Thomas Hawes Sr.

Thomas HAWES Sr (1500 – 1574)  was Alex’s 13th Great Grandfather in the Shaw line.

I found it!  Hayes of Little Leigh  -- Arms: Sable, a chevron Argent between three leopards' faces Or (Harl 1424)(In Harl 1505 the leopards' faces are Argent)

I found it! Hayes of Little Leigh — Arms: Sable, a chevron Argent between three leopards’ faces Or (Harl 1424)
(In Harl 1505 the leopards’ faces are Argent)

Thomas Hawes was born about 1500 Solihull, Warwickshire.  His parents were  Thomas HAWES (b. ~1450) and Ann GREANWOLD or Johanna RENSFORD.   He married Elizabeth BROME in 1527 in Lichfield, Staffordshire, England.  Thomas died 1574 in Solihull.

Thomas Hawes Pedigree  -- 1563 Visitation of Warwickshire

Thomas Hawes Pedigree (Browne is a 19th C error, should be Brome)

Elizabeth Brome was born  1501 in Baddesley Clinton, Warwickshire.  Her parents were Nicholas BROME ( ~ 1450  at Baddesley Clinton, Warwick – 1516).  and  Katherine LAMPECK  ( –  aft. 1508)  Nicholas’ parents were  He was the son of Lord John Brome and Beatrix Shirley.  Elizabeth died 1566 in Baddesley Clinton.

Brome

 

Children of Thomas and Elizabeth

Name Born Married Departed
1. Willliam HAWES 1531
Solehull, Warwickshire, Englan
Ursula COLLES
1562 in Leigh, Worcester, England
29 Oct 1611 Solihull.
2. Constance Hawes 1528
Solihull, Warwickshire, England
Thomas Shepard
1545 in Hockliffe, Bedfordshire
20 May 1574 Hockliffe, Bedfordshire, England.
3. Elizabeth Hawes Thomas Jackson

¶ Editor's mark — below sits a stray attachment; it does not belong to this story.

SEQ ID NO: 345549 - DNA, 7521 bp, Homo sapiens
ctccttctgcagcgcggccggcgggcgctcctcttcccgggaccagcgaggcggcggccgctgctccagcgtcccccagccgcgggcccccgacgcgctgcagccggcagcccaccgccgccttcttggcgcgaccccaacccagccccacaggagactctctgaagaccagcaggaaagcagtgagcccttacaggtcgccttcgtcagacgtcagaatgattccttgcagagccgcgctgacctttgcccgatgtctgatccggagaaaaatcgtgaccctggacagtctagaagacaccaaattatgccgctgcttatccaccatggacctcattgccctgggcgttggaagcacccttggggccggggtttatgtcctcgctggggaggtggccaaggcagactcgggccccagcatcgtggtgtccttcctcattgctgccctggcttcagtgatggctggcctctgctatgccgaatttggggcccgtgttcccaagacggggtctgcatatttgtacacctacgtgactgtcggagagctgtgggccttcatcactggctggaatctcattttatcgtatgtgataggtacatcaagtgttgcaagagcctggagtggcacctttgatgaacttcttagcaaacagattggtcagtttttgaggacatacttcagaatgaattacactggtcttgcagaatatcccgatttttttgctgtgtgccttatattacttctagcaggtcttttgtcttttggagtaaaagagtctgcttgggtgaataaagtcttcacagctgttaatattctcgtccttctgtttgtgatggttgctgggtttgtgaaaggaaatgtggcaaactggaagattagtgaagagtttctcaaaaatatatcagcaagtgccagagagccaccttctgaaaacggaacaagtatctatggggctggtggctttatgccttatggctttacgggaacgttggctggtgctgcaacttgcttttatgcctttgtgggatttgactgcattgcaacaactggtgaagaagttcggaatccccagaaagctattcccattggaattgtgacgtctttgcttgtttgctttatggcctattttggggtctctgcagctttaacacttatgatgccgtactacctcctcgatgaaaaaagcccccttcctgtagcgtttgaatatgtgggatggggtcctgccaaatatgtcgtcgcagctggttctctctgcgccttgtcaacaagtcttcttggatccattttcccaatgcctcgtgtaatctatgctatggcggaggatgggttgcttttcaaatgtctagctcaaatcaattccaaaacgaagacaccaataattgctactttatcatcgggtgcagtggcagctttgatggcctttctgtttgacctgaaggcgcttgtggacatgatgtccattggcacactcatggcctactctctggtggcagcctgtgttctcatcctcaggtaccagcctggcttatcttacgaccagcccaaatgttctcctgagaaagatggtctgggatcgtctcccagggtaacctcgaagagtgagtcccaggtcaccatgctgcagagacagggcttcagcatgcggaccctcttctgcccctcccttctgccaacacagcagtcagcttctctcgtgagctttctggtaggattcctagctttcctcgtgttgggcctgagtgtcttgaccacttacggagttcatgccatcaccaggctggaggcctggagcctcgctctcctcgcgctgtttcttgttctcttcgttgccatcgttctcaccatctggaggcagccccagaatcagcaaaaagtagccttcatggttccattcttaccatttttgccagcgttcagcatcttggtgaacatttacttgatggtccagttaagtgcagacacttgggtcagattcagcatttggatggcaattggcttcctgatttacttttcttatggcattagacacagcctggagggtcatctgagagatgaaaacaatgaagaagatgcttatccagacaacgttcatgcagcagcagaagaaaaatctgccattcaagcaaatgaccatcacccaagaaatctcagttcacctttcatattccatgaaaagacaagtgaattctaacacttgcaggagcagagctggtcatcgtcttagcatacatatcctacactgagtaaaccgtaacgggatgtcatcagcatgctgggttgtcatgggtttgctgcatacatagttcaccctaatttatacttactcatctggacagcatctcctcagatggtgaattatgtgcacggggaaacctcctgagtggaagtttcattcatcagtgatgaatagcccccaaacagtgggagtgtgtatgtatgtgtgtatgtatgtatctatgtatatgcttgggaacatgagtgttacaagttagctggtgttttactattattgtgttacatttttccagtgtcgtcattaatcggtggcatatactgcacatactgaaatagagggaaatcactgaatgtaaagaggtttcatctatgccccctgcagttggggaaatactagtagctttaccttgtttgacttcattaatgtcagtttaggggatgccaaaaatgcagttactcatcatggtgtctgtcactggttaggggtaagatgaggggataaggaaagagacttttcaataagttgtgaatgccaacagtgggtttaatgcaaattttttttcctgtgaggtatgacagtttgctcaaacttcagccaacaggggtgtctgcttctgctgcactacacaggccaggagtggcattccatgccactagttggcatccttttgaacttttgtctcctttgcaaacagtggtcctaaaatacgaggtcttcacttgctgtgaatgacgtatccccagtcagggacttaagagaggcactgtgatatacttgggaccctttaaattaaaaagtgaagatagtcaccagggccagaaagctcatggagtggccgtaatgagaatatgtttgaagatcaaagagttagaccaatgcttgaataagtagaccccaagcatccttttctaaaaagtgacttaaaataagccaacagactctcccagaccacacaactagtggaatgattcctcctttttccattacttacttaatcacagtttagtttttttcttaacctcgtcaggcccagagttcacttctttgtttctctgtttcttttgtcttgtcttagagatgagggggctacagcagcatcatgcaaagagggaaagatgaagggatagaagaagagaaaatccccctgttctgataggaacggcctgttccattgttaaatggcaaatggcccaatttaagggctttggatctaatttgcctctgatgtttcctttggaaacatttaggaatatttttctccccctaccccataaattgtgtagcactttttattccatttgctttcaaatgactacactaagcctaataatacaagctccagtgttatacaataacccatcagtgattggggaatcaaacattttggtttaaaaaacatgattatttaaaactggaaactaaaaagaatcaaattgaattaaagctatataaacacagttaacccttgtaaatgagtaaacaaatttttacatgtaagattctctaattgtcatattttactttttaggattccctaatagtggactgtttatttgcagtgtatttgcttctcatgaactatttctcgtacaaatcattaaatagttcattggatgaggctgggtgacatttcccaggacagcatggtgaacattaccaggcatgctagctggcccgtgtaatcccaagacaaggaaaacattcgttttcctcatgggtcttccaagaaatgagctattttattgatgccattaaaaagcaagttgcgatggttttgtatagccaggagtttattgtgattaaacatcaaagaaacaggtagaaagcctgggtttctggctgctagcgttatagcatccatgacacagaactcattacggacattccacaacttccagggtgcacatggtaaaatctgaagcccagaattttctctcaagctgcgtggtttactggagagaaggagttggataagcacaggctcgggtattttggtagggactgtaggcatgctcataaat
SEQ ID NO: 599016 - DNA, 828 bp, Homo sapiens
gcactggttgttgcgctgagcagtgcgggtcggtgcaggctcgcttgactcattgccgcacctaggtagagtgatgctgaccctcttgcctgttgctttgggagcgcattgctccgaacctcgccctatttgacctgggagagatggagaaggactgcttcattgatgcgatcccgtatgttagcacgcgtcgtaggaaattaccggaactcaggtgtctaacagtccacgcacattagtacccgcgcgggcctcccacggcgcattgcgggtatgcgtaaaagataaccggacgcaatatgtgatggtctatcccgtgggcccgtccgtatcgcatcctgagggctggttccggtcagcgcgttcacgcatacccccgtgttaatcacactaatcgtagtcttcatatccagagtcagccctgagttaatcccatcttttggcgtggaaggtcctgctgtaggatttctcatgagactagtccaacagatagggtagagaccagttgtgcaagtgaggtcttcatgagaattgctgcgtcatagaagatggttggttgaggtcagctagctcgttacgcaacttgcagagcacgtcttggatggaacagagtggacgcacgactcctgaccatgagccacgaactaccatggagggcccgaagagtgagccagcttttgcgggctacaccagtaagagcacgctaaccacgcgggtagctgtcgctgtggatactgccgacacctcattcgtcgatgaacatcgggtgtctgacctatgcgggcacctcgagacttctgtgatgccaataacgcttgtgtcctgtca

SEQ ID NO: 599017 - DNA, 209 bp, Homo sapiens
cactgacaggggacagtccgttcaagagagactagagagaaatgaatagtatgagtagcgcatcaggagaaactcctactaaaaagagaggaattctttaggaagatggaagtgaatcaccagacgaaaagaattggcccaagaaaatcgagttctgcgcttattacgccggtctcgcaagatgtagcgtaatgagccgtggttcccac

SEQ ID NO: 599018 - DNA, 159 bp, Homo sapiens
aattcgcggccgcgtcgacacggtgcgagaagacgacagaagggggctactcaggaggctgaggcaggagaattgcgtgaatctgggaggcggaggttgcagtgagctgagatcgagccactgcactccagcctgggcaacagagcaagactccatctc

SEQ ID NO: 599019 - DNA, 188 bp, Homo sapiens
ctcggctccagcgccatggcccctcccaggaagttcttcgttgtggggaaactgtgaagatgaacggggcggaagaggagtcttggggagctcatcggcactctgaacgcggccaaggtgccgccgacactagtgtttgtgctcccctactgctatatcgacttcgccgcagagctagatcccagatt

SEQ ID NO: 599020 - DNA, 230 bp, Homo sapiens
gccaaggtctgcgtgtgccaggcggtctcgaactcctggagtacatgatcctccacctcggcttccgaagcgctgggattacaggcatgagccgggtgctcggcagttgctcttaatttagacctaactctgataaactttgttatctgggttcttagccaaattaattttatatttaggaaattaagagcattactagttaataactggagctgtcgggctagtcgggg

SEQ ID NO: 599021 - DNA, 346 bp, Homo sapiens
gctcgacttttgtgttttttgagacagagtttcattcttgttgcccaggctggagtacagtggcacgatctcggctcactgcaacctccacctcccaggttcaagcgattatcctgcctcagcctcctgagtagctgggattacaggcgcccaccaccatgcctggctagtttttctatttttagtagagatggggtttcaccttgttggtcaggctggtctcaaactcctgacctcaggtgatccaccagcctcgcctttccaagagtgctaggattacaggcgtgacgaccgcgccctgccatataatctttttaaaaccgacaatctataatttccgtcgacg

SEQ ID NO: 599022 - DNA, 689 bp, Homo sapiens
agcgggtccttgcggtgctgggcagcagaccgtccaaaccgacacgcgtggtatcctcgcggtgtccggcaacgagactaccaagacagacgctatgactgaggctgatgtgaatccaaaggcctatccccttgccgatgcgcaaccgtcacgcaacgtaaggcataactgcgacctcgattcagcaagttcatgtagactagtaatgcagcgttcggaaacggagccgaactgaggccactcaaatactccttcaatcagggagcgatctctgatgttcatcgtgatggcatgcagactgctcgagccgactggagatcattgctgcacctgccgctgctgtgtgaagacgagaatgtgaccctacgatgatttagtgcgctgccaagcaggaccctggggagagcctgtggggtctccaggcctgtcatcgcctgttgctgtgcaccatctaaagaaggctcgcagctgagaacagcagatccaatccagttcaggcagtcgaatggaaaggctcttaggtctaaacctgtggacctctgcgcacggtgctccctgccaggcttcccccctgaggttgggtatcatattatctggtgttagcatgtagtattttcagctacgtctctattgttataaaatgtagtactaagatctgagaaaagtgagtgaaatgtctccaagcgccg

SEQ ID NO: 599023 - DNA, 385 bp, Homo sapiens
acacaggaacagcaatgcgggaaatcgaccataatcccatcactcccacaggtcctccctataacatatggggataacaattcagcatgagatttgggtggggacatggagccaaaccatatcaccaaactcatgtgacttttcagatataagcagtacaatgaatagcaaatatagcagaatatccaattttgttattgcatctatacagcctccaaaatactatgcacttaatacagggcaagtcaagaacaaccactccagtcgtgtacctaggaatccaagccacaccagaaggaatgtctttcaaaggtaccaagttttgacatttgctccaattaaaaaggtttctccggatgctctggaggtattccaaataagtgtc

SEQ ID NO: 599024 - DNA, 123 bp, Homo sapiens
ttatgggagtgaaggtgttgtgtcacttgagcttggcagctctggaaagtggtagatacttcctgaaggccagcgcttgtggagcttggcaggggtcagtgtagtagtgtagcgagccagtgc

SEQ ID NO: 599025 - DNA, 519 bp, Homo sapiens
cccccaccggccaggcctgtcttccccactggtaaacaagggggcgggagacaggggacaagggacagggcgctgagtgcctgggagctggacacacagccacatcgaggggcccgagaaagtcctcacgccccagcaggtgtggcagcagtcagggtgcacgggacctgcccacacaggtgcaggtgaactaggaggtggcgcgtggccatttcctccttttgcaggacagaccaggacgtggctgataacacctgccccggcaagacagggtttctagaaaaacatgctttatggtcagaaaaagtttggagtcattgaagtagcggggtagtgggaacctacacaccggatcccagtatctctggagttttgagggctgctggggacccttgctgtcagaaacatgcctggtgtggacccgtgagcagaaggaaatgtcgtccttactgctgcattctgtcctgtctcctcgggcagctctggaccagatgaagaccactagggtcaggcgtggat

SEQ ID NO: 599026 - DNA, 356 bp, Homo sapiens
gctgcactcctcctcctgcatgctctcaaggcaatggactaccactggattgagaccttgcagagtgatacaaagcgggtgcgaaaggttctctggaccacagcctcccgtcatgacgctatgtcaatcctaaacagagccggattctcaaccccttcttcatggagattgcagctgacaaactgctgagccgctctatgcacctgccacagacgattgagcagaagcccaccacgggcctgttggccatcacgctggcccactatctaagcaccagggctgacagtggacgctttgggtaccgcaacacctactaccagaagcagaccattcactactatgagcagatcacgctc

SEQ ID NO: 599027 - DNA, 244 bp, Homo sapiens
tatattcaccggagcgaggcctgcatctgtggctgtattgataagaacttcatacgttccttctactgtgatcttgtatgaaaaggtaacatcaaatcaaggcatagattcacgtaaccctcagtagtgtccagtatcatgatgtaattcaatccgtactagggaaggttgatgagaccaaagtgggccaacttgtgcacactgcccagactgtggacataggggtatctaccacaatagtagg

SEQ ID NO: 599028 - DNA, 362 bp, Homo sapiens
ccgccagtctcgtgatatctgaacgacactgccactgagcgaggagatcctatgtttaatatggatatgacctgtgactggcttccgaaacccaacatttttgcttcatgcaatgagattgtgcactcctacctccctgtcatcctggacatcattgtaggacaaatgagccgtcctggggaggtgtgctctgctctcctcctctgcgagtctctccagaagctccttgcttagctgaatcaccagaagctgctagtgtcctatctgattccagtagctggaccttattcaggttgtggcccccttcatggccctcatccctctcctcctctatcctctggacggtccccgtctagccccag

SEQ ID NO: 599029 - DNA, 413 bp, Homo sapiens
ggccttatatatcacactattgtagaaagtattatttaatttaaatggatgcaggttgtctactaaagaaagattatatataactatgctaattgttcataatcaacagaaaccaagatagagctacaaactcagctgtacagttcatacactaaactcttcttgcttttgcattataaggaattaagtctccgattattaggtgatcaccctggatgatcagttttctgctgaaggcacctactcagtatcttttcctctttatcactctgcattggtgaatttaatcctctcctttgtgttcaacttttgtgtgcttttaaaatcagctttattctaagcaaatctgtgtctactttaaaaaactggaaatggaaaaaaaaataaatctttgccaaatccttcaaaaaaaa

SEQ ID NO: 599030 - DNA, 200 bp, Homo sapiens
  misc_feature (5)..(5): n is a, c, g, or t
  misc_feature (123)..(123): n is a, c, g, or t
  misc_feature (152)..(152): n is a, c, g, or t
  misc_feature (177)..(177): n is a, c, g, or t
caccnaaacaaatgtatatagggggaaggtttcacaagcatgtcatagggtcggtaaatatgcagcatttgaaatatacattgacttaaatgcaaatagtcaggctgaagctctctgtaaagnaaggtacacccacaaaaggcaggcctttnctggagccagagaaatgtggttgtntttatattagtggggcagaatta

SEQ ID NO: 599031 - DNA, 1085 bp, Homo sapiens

4. Margaret Hawes Walter Chamber
4. (Daughter) Hawes [__?__] Hatley

Baddesley Clinton Manor  – Map

Baddesley Clinton Manor (Wiki) was Elizabeth Brome’s childhood home.   It is a moated manor house, located just north of the historic town of Warwick; the house was probably established in the 13th century when large areas of the Forest of Arden were cleared and eventually converted to farmland. The site is a Scheduled Ancient Monument and the Hall is a Grade I listed building.

Baddesley Clinton

Baddesley Clinton

In 1438,  Elizabeth’s grandfather John Brome, the Under-Treasurer of England, bought the manor. It then passed to Elizabeth’s father Nicholas, who is thought to have built the east range, which is the main entrance. Nicholas is also responsible for the extensive rebuilding of the nearby parish church dedicated to St. Michael, done as penance for killing the parish priest, a murder reputed to have taken place in the great house itself.

The house from this period was equipped with gun-ports, and possibly a drawbridge. When Nicholas Brome died in 1517, the house passed to Elizabeth’s sister, who married Sir Edward Ferrers (High Sheriff of Warwickshire) in 1500. The house remained in the ownership of the Ferrers family until 1940 when it was purchased by Thomas Walker, a relative of the family who changed his name to Ferrers. His son, who inherited it in 1970, sold the estate in 1980 to the National Trust, who now manage it.

Baddesley Clinton 2